Compounding matters is the fact that the Ducks have a Matthews boy playing for them. In this case, junior linebacker Casey. If he has anywhere near the game his brother had against the Buckeyes in the Coliseum last season, I will probably get violent in the stands.
The good news is the Ducks have a decent, but not great secondary. They're especially young at safety and as alluded to above, when Oregon is forced to stack the box or blitz more than they'd like to, opportunities will be there. USC had them, but Barkley couldn't get it done. Stanford also had them and took full advantage of them.
If you're cheering for the good guys in this one, you have to be encouraged with the health of the team. After suffering through one of the more injury-plagued campaigns of Tressel's tenure in Columbus, the entire team is in good health and is expected to be ready to go. This includes kicker Aaron Pettrey, who will probably be back to handling field goal and extra point duties after his quick return from having his knee blown out against New Mexico State.
The offensive line, a unit hit particularly hard with injuries in '09, has had a solid month of work together, all healthy again, and will start (from left to right): Cordle, Boren, Brewster, Browning and Shugarts. Tressel revealed Mike Adams would be the 6th lineman into the game working relief at left tackle, while freshman Marcus Hall will follow him, seeing time at right tackle.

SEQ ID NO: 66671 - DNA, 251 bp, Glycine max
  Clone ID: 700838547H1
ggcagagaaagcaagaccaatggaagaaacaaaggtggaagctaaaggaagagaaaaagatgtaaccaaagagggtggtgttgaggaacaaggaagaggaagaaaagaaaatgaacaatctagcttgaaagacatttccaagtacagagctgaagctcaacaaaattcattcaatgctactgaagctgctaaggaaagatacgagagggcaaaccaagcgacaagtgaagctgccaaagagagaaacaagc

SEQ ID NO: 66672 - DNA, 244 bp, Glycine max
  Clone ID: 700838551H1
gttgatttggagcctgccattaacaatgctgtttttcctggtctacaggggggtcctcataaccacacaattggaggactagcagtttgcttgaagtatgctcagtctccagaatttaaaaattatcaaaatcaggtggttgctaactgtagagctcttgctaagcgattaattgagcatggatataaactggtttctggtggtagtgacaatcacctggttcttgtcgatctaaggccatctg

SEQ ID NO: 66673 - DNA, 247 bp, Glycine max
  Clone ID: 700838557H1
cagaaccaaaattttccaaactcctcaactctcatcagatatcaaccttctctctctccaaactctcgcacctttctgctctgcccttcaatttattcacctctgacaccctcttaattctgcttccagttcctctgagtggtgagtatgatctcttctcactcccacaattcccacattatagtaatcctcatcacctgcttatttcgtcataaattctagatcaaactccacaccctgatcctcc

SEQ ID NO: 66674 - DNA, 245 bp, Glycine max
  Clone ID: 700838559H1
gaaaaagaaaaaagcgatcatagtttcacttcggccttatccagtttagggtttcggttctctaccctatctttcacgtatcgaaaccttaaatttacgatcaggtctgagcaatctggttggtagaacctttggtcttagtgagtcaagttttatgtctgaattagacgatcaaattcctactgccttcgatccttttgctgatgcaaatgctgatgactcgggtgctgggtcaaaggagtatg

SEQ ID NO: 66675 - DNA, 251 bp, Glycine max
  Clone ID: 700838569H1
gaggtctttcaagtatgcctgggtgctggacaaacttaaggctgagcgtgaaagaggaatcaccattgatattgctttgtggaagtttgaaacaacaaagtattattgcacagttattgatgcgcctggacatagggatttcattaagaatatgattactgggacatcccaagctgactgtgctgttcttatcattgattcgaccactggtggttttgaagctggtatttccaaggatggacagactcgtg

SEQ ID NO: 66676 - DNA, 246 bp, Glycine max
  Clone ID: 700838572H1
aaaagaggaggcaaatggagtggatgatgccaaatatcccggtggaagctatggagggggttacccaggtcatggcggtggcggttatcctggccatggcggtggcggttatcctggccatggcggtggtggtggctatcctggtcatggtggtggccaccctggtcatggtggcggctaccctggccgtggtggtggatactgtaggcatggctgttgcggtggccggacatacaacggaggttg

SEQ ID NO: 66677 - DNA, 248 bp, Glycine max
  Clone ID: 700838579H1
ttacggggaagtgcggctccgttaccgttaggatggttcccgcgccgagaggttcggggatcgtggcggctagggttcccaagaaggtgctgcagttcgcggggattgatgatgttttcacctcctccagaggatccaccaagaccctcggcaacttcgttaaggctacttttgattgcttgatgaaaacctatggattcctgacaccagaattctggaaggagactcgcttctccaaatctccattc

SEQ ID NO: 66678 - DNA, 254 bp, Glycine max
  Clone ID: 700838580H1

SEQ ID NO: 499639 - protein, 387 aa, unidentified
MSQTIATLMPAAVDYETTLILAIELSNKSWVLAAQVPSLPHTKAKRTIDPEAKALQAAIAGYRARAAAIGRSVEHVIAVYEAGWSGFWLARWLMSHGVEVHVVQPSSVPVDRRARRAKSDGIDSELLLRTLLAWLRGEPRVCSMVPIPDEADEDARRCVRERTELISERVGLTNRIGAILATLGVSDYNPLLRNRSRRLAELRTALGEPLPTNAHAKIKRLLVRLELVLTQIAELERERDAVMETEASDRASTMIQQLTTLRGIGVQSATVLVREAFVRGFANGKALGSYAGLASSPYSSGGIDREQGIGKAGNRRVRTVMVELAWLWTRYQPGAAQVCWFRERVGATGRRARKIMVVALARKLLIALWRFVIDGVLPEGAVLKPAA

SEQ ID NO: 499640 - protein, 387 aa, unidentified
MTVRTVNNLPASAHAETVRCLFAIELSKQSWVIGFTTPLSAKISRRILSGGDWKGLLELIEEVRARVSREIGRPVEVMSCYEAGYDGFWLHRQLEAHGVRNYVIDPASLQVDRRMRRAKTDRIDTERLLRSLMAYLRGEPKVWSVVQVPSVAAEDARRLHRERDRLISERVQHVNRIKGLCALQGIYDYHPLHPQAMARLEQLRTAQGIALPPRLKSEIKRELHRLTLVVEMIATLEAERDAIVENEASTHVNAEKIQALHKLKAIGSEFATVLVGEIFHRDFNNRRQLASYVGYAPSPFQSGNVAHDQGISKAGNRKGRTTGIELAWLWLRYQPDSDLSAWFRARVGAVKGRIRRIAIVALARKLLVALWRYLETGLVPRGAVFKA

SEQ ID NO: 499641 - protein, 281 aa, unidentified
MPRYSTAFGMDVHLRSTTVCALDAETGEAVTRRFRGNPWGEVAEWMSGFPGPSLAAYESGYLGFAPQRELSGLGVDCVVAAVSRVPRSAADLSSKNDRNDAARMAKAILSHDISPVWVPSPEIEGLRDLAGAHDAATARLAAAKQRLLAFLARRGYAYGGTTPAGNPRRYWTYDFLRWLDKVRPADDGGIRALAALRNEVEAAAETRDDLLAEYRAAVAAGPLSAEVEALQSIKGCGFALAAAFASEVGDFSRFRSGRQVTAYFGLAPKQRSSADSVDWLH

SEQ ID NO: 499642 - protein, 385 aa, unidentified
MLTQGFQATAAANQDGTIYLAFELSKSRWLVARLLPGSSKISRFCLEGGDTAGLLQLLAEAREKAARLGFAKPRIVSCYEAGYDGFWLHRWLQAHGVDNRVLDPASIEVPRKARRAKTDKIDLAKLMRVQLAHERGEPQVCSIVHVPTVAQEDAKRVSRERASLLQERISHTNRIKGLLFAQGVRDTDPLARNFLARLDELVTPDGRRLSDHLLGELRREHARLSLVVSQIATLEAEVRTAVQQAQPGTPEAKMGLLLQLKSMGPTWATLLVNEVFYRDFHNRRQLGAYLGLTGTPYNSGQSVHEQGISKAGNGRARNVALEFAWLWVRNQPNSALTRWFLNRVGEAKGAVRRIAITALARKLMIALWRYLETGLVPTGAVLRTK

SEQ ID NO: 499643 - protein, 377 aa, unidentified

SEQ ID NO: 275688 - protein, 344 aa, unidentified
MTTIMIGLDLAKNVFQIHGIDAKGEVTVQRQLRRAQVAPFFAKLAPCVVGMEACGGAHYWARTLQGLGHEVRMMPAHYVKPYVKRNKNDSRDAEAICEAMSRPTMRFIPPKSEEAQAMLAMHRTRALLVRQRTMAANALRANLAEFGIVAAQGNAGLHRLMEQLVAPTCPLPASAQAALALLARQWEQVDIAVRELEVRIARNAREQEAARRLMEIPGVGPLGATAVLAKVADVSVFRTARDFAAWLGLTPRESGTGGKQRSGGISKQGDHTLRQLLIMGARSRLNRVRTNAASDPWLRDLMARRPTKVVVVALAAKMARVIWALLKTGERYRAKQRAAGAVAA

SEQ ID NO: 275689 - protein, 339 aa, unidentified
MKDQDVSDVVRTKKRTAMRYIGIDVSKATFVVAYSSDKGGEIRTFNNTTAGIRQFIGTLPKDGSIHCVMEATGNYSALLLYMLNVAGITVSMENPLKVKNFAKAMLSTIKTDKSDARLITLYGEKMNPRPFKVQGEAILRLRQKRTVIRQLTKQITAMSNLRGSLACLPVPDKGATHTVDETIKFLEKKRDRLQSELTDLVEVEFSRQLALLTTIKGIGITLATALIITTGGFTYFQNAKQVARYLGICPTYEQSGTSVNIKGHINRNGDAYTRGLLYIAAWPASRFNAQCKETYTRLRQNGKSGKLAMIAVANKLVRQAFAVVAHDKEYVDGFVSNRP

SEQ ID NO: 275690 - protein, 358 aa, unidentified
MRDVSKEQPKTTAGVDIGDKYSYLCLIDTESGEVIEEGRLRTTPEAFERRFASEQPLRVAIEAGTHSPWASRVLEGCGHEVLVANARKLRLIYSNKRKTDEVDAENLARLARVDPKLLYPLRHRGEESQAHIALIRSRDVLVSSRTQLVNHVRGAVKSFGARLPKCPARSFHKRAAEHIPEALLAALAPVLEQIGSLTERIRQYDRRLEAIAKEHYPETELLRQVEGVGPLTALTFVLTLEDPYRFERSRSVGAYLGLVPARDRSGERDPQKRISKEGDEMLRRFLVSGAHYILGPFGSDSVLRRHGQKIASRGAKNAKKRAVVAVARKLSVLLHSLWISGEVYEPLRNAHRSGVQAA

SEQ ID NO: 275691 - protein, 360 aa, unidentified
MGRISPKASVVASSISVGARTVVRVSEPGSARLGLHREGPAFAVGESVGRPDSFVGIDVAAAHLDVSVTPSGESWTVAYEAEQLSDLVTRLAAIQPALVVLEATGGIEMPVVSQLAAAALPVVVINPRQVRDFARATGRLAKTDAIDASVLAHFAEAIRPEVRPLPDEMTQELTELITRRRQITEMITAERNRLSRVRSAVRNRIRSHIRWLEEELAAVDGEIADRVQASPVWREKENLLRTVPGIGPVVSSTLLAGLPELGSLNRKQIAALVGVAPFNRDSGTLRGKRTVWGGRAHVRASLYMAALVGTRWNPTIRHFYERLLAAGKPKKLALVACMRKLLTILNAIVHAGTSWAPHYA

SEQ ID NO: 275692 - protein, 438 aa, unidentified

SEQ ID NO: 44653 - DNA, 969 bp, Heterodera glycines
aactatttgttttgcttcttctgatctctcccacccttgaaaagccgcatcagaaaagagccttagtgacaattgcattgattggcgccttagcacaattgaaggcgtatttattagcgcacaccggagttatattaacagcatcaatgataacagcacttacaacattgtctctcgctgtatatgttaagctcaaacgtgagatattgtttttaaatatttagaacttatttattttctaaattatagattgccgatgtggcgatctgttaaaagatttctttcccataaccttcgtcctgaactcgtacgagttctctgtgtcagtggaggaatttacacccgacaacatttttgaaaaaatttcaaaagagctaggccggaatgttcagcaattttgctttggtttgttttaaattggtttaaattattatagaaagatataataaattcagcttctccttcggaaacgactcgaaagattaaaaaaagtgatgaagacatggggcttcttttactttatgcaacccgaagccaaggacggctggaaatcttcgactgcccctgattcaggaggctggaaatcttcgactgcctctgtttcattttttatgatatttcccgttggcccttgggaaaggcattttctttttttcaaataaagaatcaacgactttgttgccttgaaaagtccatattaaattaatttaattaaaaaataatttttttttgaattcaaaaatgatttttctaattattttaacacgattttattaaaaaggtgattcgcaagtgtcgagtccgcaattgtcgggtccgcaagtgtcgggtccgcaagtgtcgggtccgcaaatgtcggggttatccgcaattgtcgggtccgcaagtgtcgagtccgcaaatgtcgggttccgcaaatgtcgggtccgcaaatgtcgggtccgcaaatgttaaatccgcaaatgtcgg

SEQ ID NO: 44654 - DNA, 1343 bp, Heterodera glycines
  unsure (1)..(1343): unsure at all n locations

Saine and Herron will be playing their first game together since midseason when both were at full speed. Saine really came on during the last month of the season and it will be interesting to see what a rested, healed Boom will be able to do because Lord knows Tressel loves feeding him the ball despite whatever success Saine might be having (see Iowa). The Ducks can certainly be run on and I don't think any of us would be surprised to see OSU put up 40 or more rushing attempts on the day, especially if things work well early.